A memorial Mass of the Resurrection for Thomas J. Kenney, who served as U.S. attorney for Maryland and as a judge of the Supreme Bench of Baltimore City, will be offered at 10 a.m. Monday at the Cathedral of Mary Our Queen, 5200 N. Charles St.
Judge Kenney, who was 81 and lived on Cold Spring Lane, died Wednesday at Union Memorial Hospital of complications to cancer surgery.
A specialist in criminal trial law, he was appointed U.S. attorney in 1963 and kept the post until he was named a judge in 1967.
However, his career on the bench was cut short almost two years later when he was defeated in the 1968 general election when he ran for a full 15-year term.
After his defeat, Judge Kenney returned to private practice with the firm of Burke, Gerber and Willen and also served as a master in equity for the court, which is now known as the Baltimore City Circuit Court.
Born in Curtis Bay, where his father was superintendent of a Baltimore and Ohio railroad coal pier, he attended the public school there before his graduation from St. Charles College with honors in 1930. Two years later, he graduated from Loyola College, where he was valedictorian. In 1935, he received his law degree, again with honors, from the University of Maryland.
He was in private practice until 1946, when he became an assistant U.S. attorney.
He later returned to private practice as a partner in law firms that included Kenney and Kaiser and Kenney, Gallagher and Ricciuti.
In addition to his other offices, he served as chairman of the Off-Street Parking Authority; chairman of the Maryland Commission on Criminal Law, which revised the state's criminal code; and chairman of the Baltimore chapter of the Federal Bar Association.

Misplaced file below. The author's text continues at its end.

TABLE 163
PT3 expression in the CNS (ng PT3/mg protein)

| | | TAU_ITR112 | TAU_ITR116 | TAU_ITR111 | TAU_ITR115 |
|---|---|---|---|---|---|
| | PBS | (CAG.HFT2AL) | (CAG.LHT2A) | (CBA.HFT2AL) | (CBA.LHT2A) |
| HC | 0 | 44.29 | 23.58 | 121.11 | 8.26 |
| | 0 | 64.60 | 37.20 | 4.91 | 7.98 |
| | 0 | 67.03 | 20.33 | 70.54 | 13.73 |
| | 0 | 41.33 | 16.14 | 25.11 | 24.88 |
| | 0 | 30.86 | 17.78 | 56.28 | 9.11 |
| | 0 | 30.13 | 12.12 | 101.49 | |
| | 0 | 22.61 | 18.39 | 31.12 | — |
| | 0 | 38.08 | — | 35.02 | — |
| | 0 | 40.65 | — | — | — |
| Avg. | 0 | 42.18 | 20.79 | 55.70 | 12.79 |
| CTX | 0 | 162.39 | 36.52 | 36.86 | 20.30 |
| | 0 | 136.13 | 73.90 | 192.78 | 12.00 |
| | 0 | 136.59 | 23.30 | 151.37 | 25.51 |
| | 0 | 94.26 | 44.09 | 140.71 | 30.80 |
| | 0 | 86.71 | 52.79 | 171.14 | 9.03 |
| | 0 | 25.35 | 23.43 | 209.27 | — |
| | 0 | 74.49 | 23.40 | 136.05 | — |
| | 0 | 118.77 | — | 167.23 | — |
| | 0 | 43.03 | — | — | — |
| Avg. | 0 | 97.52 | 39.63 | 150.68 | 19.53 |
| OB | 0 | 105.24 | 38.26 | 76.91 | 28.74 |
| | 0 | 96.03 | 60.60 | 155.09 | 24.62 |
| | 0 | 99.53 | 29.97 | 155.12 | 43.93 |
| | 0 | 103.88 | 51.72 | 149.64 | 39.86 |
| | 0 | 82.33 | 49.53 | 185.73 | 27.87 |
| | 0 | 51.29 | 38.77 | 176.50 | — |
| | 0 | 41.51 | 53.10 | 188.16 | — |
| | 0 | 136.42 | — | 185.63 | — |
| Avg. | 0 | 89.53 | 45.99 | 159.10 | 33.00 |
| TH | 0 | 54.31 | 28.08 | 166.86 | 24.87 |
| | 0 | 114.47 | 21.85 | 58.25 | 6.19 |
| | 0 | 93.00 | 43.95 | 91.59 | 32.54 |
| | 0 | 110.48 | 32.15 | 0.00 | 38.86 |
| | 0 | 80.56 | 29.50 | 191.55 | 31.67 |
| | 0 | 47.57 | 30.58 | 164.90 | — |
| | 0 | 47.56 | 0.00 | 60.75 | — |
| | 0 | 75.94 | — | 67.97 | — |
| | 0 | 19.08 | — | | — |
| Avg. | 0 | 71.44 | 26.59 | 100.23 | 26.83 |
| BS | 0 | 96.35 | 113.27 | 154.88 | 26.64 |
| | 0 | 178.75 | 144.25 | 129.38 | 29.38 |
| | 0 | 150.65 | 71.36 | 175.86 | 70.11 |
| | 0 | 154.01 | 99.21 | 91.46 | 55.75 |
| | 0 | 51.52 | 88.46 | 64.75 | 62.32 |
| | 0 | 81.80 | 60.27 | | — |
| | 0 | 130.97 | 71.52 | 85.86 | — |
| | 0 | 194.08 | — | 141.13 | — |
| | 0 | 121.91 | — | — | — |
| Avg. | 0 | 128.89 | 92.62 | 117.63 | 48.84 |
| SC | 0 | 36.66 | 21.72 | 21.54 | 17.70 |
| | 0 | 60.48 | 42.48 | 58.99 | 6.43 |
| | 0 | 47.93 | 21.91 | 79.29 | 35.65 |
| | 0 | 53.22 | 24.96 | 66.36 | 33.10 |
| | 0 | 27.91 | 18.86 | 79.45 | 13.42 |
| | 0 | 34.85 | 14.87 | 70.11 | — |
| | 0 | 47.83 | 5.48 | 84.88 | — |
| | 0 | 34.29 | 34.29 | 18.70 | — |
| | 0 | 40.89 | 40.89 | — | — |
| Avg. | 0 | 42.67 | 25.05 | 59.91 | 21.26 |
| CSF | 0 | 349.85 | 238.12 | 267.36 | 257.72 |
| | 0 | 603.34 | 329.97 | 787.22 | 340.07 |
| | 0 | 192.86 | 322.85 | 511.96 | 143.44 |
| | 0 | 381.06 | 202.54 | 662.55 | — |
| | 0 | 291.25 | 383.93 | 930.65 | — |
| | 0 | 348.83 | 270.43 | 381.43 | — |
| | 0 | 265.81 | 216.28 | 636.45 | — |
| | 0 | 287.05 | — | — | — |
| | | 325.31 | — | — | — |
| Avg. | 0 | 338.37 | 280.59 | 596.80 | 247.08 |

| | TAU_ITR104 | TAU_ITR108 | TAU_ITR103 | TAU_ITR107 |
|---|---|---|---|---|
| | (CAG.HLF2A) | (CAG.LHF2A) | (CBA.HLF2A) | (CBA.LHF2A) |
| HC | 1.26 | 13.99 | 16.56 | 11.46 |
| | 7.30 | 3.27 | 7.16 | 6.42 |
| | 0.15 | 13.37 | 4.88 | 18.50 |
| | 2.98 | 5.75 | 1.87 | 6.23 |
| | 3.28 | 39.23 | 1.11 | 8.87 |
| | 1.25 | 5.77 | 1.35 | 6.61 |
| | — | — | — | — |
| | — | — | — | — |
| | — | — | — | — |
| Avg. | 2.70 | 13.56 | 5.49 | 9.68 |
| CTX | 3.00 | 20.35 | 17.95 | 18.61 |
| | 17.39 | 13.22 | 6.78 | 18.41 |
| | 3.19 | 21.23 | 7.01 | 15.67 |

A member of the Gamma Eta Gamma Legal fraternity, he was also the recipient of the first award of the St. Thomas More Society for outstanding contributions to the legal profession.
The former archdiocesan president of the Holy Name Society was a founder and former president of the St. Charles Lay Alumni Association. He also served as vice president of the St. Charles Alumni Association, which included those who continued their education for the priesthood after graduating from the minor seminary in Catonsville as well as those who entered secular professions.
He was a former member of the board of the Hibernian Society of Baltimore.
He is survived by his wife of 50 years, the former Agnes Urbus; three sons, Michael P. and Thomas J. Kenney Jr., both of Baltimore, and J. Timothy Kenney of Perry Hall; and four daughters, Kathleen A. Kenney of San Francisco, Geraldine K. Sweeney of Ellicott City and Brigid E. and Mary Louise Kenney, both of Baltimore.
The family suggested that memorial contributions could be made to the Little Sisters of the Poor.